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HeavyC's picture
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Location: Greeley, CO
Joined: 07/19/2008
Posts: 627
Alone a lot...

I have hunted alone a lot the last few years, and enjoy it immensely! As mentioned though, that first elk alone will test ya! Mine was in a white-out too! No GPS, just compass, made for a long zig zagging trek, which was several hundred up-hill yards off-course in the end! Now, I have a GPS and extra batteries! (Of course that compass is still in the pocket!) I have had a couple end up on a steep side-hill slope, that made it pretty tough single-handedly. Definately doable, just a ton more work envolved.

 

Sure is something about being out there and doing everything completely alone though!! Kinda surreal really. Extremely satisfying!

 

 

buffybr's picture
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Location: Montana, USA
Joined: 11/15/2007
Posts: 296
Solo hunts

I've hunted elk almost every year for the past 40 or so years. The bull that I killed last year was my 34th elk and I killed him on a solo hunt, as were at least half of the other elk that I've killed. Most of my elk were killed on public land in Colorado and Montana.

A few of them I was lucky enough to get out whole, a few others I packed out on my back, I dragged a couple out on a sled or sheet of heavy plastic, one bull I brought out in a wheelborrow, I've dragged several more out as quarters or halves over the snow, and the rest I packed out on my horses.  Unfortunately, I no longer have horses, so I hunt uphill as much as possible.

I also have gone on quite a few solo hunts for big horn sheep, moose, black bears, and mountain goats and killed and packed out at least one of each of them by myself. Back when Montana still sold grizzly tags I would buy one every year and went on solo hunts for them also. Unfortunately, I never ran into a grizzly during the open seasons.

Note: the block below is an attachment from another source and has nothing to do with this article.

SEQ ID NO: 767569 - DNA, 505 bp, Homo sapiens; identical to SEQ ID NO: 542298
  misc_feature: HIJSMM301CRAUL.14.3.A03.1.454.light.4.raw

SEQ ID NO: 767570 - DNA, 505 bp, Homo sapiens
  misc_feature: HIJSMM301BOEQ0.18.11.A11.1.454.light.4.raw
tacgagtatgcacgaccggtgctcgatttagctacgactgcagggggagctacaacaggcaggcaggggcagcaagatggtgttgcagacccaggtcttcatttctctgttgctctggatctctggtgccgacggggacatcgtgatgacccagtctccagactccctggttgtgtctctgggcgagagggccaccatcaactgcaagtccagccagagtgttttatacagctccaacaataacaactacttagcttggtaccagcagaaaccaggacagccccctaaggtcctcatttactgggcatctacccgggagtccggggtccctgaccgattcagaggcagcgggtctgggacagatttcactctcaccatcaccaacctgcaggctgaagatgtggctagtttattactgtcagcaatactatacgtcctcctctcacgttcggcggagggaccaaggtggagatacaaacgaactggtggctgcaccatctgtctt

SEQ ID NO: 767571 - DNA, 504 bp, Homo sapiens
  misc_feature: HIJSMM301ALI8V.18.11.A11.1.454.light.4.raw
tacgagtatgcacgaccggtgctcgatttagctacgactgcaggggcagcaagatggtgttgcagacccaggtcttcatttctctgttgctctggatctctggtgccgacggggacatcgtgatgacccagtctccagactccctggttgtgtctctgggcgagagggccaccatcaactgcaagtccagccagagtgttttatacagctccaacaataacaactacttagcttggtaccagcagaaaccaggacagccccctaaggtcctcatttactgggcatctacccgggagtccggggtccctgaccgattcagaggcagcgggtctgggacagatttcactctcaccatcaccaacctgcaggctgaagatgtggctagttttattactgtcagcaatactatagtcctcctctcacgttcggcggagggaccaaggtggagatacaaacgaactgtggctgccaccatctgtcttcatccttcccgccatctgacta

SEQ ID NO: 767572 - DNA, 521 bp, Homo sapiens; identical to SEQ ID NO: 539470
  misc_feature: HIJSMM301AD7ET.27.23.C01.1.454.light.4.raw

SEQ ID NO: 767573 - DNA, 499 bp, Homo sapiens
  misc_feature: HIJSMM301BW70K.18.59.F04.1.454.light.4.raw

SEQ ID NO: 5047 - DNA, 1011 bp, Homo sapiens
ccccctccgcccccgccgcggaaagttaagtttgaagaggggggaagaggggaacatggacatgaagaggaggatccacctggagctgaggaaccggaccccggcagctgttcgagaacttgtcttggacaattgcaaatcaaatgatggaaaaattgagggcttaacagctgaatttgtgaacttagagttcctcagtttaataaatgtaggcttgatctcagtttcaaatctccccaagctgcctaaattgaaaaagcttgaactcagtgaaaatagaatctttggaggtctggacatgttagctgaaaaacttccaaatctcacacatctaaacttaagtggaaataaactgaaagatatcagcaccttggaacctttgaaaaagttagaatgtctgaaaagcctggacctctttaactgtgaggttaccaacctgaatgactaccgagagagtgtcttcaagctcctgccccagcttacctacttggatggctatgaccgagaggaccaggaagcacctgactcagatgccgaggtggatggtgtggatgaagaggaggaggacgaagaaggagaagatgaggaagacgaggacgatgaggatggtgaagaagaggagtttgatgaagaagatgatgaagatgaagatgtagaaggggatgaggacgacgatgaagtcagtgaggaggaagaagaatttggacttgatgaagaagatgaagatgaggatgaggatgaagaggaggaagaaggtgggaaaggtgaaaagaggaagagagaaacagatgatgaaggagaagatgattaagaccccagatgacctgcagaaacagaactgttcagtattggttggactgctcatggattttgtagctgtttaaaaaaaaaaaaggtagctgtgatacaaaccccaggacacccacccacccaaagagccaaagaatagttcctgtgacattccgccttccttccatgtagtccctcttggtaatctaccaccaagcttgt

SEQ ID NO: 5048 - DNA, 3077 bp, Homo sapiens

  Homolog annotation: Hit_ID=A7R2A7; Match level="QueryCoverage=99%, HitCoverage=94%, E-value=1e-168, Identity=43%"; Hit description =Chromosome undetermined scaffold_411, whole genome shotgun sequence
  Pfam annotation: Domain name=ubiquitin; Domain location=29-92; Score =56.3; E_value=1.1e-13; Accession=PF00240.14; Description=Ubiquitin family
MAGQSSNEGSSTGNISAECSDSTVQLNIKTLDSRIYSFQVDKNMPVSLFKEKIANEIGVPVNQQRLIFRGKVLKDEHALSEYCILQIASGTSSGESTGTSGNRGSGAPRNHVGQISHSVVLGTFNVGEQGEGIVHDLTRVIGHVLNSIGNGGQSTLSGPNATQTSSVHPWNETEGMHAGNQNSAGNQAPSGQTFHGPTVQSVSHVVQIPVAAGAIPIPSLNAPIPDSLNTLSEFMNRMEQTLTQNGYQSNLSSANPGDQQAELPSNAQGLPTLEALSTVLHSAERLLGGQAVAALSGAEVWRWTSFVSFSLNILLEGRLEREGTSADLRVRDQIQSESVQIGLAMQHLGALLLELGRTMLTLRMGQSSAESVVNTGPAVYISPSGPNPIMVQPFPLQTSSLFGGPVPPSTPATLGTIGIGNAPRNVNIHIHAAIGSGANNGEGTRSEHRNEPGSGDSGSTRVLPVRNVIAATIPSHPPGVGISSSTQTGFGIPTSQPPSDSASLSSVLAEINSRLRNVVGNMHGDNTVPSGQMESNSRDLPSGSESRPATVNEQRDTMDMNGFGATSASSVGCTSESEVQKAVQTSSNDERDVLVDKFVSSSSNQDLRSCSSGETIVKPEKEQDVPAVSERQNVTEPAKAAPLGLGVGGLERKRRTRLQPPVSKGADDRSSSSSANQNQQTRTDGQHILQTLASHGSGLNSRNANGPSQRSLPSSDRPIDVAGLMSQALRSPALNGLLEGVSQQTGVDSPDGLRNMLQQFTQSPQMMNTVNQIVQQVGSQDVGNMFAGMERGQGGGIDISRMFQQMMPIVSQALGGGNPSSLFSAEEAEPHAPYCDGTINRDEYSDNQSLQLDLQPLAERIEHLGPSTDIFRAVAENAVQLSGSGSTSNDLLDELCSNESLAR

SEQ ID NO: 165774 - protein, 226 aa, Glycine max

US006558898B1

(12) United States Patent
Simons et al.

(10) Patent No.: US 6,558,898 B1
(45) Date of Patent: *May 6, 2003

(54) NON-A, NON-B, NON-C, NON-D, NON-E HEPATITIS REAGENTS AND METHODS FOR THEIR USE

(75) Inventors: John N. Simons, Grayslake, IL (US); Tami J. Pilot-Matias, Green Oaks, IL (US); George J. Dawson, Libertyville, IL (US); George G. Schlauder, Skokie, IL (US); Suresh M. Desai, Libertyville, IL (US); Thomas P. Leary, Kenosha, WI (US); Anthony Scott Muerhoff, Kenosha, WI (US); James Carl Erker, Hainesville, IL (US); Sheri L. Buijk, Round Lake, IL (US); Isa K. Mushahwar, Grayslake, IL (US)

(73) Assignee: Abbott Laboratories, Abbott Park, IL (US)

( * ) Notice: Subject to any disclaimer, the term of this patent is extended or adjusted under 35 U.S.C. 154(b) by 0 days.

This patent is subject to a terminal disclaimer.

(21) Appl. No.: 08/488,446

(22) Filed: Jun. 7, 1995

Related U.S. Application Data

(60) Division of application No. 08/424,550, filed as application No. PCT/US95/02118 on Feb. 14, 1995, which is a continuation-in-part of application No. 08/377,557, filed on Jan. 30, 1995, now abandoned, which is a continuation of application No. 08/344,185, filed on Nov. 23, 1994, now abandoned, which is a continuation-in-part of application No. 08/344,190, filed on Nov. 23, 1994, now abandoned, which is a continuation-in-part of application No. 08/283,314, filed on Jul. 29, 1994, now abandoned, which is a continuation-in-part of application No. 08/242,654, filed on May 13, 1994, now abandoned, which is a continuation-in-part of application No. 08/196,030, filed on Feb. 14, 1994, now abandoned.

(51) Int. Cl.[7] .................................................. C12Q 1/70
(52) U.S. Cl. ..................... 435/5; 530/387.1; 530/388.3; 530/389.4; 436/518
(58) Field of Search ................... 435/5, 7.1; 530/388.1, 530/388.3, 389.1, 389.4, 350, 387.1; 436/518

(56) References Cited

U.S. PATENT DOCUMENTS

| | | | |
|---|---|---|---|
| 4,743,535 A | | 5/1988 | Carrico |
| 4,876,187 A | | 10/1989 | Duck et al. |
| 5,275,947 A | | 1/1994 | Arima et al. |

GooseHunter Jr's picture
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Location: Colorado
Joined: 09/28/2005
Posts: 3741
I elk alone all the time.  It

I elk alone all the time.  It is possible to field dress and pack out an elk by yourself.  It is alot of work, but can be done and there is some self gratifaction by doing it all by yourself.  I would rather have help with the field dressing than the pack out.  Bad thing about packing them out alone especially in warm weather is getting them back to camp or in some shade ASAP.

exbiologist's picture
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Location: Colorado
Joined: 09/19/2008
Posts: 2399
one other things sucks

It's really hard to get a good picture when you're in a hurry to start deboning.  Especially if you don't go back and look at the results in good detail. 

 

 

Ca_Vermonster's picture
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Location: San Diego, CA
Joined: 07/27/2007
Posts: 5702
Great bull Ex!  Just curious,

Great bull Ex!  Just curious, you guys are all talking about deboning.  I can do that, cause my Dad and I have always boned out our deer for our own butchering.  Got pretty good at it actually.  But, I have not done it in the woods, so that would be interesting. 

I have one question though.  Do you need to keep a proof of sex attached to one of the hind quarters, or am I thinking of another state.  Thought I heard that somewhere.  If so, do you leave one hind quarter whole for the trip out?

exbiologist's picture
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Location: Colorado
Joined: 09/19/2008
Posts: 2399
yes on evidence of sex

You can leave the twigs and berries on a piece of meat naturally attached and still remove the bones.  Some guys put it in a plastic bag too with the meat, but still attached.

Ca_Vermonster's picture
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Location: San Diego, CA
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Okay, so it is a law in

Okay, so it is a law in Colorado then??

exbiologist's picture
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Location: Colorado
Joined: 09/19/2008
Posts: 2399
yes

I believe it is a law in every western state to keep the evidence of sex naturally attached.  Probably the one thing most people get written up for every single year.  A detached head is not evidence of sex.  That could be a second animal.  It is only evidence of sex if the animal is whole.

WesternHunter's picture
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Joined: 05/05/2006
Posts: 2363
head antlers

I've sometimes brought out antlers to back-up the so-called twigs and berries on a piece of hind quarter, though I'm sure it was never nessesary. I've often left antlers in the field too because I'm a meat hunter.

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Location: Colorado
Joined: 07/13/2011
Posts: 791
My back hurts just looking at

My back hurts just looking at the size of that bull. Thanks for reminding me why I got a cow tag this year.  Big smile

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